IN RE: Frank F. KRAMER on Habeas Corpus.
On or about April 14, 1965, in the Superior Court for the City and County of San Francisco, petitioner was convicted upon his plea of guilty of a violation of Penal Code section 288 (lewd or lascivious acts upon the body of a child under 14). The court suspended proceedings and appointed two psychiatrists to examine petitioner and report as to whether he was a mentally disordered sex offender under Welfare and Institutions Code section 5501.
On April 28, 1965, petitioner and his attorney were before the court. At that time counsel for both sides offered to submit on the doctors' reports which, according to the comments of the trial judge, had expressed the opinion that petitioner was a mentally disordered sex offender. The court thereupon made an order placing petitioner in Atascadero State Hospital for 90 days of observation. On July 28, 1965, the court adjudged petitioner to be a mentally disordered sex offender and committed him ‘in compliance with Sections 5512 and 5518 of the Welfare and Institutions Code’ to the Department of Mental Hygiene for an indeterminate period and sent him to the institution of the Department of Corrections located at Vacaville.
No reporter's transcript for July 28 has been supplied. The superior court's order simply recites that petitioner and counsel were present, and the court made its decision.
Petitioner did not appeal from the order of commitment.
Petitioner has since been transferred to the California Men's Colony, West Facility, Los Padres, California, which is within this appellate district.
The petition filed here alleges that petitioner is illegally confined in that the superior court failed to conduct the proceedings required by the Welfare and Institutions Code. The facts set forth in the petition, together with the additional facts alleged or admitted by the respondent, show that the proceedings were defective in the following respects:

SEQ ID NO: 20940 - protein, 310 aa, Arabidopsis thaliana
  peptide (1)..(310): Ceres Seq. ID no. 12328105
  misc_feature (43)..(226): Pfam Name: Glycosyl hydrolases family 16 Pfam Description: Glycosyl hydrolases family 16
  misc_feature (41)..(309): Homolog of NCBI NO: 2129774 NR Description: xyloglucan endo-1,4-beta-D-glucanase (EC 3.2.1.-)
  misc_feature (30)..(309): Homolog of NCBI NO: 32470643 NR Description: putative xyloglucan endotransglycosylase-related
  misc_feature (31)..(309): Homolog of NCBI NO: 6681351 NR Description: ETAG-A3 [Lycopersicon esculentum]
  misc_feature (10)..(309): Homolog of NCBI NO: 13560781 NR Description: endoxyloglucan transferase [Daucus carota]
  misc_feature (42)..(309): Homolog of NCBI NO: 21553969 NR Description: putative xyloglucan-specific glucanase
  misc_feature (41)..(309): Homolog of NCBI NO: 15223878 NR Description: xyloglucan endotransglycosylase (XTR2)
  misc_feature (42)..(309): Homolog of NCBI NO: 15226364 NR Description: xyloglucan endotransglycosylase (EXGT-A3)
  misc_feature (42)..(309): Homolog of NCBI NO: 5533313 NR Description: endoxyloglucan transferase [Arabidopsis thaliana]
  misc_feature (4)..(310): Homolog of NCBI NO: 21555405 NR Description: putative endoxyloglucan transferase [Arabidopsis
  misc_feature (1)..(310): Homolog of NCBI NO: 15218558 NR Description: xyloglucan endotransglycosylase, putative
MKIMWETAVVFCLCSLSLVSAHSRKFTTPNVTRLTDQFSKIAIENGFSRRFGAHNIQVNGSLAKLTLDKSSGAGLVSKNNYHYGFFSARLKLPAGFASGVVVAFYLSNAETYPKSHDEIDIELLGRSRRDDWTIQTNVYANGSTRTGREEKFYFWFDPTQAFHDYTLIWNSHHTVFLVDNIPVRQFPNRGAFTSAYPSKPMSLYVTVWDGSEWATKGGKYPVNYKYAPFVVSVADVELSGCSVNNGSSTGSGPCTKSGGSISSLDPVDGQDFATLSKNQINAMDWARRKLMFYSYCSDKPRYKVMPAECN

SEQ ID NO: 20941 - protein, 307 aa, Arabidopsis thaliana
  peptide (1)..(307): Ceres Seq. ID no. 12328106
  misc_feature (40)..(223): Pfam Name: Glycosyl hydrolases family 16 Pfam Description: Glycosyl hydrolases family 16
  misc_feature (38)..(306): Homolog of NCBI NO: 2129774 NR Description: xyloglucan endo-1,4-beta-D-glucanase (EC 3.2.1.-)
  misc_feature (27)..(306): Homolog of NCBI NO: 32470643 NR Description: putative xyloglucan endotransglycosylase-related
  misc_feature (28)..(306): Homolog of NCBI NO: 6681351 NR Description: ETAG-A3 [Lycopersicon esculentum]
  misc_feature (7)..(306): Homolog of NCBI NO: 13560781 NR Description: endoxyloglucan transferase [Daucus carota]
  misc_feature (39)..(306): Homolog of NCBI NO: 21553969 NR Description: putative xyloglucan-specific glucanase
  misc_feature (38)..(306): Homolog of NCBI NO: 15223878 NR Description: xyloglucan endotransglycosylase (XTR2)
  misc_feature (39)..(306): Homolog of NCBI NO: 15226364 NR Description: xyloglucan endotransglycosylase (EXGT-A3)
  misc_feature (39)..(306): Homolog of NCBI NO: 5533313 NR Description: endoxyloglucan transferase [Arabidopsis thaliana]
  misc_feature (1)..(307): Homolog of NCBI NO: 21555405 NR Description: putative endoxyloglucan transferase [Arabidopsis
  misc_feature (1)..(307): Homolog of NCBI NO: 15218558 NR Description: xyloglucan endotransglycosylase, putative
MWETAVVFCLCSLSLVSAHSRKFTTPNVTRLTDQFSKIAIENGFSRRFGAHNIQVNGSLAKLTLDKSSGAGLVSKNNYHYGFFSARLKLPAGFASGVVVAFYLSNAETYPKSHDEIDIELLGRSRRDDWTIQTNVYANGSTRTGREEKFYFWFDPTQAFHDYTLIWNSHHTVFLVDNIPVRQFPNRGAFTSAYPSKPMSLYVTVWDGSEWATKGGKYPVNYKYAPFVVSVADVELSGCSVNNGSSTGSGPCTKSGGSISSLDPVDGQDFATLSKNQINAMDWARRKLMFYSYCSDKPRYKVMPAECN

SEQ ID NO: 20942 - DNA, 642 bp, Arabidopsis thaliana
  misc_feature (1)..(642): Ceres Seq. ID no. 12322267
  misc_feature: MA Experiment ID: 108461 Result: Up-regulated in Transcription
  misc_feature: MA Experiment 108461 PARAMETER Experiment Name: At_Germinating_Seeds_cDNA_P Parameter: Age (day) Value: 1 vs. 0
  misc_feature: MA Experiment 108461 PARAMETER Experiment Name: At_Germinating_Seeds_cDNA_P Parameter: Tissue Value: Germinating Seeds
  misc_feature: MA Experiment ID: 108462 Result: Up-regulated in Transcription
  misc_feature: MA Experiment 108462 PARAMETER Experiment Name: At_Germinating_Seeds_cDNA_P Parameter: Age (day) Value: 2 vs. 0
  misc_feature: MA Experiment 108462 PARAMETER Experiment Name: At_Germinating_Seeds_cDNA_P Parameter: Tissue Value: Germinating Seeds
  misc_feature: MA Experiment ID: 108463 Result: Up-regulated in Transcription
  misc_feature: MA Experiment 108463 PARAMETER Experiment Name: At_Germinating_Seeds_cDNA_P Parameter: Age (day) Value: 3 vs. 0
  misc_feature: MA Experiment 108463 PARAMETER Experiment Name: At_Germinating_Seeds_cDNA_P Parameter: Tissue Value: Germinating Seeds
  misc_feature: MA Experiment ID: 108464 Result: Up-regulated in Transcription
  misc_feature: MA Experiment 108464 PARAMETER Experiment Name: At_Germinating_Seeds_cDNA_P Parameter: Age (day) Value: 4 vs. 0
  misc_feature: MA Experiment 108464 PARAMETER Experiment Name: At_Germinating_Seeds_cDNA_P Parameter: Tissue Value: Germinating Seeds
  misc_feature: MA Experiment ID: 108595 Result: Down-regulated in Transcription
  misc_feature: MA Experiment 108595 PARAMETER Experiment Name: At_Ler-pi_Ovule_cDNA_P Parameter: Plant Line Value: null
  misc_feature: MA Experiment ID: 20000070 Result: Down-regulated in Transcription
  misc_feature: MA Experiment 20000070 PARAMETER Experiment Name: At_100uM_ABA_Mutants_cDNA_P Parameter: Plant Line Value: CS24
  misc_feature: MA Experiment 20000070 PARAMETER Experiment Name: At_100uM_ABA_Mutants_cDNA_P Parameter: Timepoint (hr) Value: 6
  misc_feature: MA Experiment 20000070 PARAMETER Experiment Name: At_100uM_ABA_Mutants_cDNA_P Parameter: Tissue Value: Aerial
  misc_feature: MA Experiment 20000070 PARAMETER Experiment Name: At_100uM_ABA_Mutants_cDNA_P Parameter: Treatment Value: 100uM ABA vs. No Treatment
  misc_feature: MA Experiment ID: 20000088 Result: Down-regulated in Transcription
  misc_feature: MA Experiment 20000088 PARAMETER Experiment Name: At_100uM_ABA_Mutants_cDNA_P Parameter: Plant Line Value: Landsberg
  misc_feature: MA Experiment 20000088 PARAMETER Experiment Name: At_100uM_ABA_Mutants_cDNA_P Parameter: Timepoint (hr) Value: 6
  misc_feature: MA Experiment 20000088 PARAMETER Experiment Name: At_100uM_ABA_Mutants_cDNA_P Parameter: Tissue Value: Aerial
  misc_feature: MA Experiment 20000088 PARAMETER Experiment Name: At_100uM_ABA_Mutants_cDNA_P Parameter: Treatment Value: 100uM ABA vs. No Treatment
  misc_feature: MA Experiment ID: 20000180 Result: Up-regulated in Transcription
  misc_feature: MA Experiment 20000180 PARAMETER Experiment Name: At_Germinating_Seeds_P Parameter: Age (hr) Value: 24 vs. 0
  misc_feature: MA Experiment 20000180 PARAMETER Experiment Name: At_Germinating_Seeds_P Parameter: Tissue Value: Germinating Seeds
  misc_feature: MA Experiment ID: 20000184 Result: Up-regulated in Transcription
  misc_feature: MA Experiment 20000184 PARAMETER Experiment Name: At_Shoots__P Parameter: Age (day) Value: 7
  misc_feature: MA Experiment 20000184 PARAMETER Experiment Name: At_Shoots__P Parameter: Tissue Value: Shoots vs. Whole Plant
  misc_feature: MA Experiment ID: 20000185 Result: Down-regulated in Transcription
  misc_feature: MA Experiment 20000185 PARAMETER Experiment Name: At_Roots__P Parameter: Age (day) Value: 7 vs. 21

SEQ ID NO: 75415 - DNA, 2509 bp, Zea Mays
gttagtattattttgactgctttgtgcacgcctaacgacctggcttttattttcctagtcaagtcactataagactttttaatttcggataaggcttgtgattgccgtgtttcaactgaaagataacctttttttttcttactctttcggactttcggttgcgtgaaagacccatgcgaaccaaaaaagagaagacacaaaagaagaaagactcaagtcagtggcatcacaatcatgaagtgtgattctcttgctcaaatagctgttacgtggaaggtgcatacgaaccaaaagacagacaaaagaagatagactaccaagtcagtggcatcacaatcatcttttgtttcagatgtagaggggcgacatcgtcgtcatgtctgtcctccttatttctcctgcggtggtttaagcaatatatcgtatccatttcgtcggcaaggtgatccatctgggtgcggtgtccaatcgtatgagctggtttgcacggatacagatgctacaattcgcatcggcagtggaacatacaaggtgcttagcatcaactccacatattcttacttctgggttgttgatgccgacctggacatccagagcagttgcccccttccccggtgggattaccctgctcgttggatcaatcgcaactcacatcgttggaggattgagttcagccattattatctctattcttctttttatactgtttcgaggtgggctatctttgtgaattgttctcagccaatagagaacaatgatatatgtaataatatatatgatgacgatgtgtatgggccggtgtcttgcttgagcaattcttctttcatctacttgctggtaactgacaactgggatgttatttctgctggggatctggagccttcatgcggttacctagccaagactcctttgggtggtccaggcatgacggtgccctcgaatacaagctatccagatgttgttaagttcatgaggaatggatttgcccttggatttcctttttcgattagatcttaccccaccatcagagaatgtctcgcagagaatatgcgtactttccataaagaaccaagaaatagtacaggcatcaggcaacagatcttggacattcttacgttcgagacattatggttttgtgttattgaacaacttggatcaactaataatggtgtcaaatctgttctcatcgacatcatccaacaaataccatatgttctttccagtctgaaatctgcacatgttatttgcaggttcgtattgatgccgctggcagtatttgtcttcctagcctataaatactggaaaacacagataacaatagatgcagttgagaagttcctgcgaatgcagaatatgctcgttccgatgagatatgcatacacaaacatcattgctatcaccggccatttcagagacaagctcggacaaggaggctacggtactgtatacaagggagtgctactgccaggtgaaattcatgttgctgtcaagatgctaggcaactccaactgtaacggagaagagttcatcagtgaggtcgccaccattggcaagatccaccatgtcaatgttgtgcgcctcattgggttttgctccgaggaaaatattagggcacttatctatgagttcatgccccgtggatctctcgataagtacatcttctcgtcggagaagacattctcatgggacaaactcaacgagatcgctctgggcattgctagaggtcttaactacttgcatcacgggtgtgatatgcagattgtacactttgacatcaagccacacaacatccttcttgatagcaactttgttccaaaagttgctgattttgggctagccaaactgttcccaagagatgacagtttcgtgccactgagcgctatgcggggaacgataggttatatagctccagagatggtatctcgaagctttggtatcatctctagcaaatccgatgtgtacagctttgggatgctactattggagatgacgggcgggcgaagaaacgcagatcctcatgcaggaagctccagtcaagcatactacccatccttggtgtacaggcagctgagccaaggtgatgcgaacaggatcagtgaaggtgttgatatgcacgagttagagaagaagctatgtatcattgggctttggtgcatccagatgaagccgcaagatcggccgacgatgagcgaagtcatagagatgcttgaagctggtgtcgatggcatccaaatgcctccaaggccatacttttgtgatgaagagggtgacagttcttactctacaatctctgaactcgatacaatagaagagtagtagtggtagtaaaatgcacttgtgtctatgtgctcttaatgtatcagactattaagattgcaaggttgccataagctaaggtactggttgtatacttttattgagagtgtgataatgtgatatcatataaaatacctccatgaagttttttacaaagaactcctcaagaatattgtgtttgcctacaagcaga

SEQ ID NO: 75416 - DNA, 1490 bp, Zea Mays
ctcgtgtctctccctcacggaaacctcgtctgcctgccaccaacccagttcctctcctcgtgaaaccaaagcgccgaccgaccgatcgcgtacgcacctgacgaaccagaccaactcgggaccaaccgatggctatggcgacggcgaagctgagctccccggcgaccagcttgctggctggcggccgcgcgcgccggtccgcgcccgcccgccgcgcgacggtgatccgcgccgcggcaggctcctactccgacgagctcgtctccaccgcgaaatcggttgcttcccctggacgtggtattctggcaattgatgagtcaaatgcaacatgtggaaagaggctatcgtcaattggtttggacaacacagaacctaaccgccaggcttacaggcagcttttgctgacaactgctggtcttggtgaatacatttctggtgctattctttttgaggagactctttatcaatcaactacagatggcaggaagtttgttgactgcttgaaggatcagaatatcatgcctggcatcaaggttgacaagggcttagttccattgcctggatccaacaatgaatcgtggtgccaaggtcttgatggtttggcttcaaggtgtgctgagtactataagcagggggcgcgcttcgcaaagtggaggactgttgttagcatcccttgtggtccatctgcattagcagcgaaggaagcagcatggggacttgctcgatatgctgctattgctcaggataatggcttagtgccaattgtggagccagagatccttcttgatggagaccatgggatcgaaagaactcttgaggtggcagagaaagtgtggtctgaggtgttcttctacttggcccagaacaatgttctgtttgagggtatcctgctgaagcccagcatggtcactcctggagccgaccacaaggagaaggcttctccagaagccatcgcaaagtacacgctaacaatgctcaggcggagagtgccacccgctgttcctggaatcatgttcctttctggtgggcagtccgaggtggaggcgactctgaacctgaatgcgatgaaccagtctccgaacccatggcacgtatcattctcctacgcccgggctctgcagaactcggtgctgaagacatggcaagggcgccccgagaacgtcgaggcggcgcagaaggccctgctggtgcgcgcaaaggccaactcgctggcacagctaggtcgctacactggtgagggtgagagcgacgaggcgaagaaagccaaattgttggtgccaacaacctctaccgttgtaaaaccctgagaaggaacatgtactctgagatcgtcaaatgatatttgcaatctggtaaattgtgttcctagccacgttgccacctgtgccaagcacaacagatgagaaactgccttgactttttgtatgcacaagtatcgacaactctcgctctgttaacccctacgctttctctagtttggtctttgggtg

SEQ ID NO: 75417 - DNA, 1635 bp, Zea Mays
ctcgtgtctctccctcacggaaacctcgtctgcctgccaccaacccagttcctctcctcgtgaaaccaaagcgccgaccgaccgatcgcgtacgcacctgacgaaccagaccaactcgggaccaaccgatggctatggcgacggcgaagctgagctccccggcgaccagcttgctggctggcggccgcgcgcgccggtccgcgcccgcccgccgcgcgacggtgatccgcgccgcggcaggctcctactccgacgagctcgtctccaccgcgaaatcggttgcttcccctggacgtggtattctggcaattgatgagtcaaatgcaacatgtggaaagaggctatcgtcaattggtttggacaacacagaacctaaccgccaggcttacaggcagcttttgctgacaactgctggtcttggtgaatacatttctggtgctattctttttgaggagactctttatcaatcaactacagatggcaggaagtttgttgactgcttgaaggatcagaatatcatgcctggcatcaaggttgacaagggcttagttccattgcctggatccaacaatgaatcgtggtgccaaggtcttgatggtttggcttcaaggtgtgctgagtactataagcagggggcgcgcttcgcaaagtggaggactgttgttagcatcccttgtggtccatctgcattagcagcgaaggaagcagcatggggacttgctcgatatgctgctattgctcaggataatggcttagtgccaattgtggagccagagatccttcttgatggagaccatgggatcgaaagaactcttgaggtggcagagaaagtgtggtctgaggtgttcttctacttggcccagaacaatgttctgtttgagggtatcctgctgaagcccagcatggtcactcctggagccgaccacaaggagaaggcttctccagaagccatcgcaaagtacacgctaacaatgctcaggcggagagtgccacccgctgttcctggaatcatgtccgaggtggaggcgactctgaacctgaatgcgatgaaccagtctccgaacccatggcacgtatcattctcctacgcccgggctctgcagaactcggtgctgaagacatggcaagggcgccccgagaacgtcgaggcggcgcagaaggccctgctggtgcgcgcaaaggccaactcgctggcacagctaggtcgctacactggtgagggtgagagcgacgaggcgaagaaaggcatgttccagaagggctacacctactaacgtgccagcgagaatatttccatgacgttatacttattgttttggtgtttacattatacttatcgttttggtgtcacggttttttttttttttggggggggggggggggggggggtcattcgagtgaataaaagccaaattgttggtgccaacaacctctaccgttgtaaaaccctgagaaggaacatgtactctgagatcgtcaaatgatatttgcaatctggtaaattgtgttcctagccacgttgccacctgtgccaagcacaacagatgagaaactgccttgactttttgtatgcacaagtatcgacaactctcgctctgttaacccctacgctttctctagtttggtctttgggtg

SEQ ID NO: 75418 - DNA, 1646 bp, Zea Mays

(1) No certification was made, as is required by section 5501.5.
(2) No form of certification was delivered to petitioner, as is required by section 5501.
(3) The judge failed to inform petitioner of his rights to make a reply and to produce witnesses, as the judge is required to do under section 5503.
(4) No hearing worthy of the name was held prior to the April 28 order or the July 28 order.
The complete failure to prepare and to deliver to petitioner the necessary certification, and the court's failure to advise him of his rights as the code requires, taken together, constitute a denial of procedural due process, and require that the commitment be set aside. (People v. Harvath, 251 A.C.A. 911, 60 Cal.Rptr. 15; People v. Loignon, 250 A.C.A. 707, 58 Cal.Rptr. 866; cf. In re Jones, 61 Cal.2d 325, 38 Cal.Rptr. 509, 392 P.2d 269; In re Rander, 59 Cal.2d 635, 30 Cal.Rptr. 814, 381 P.2d 638.)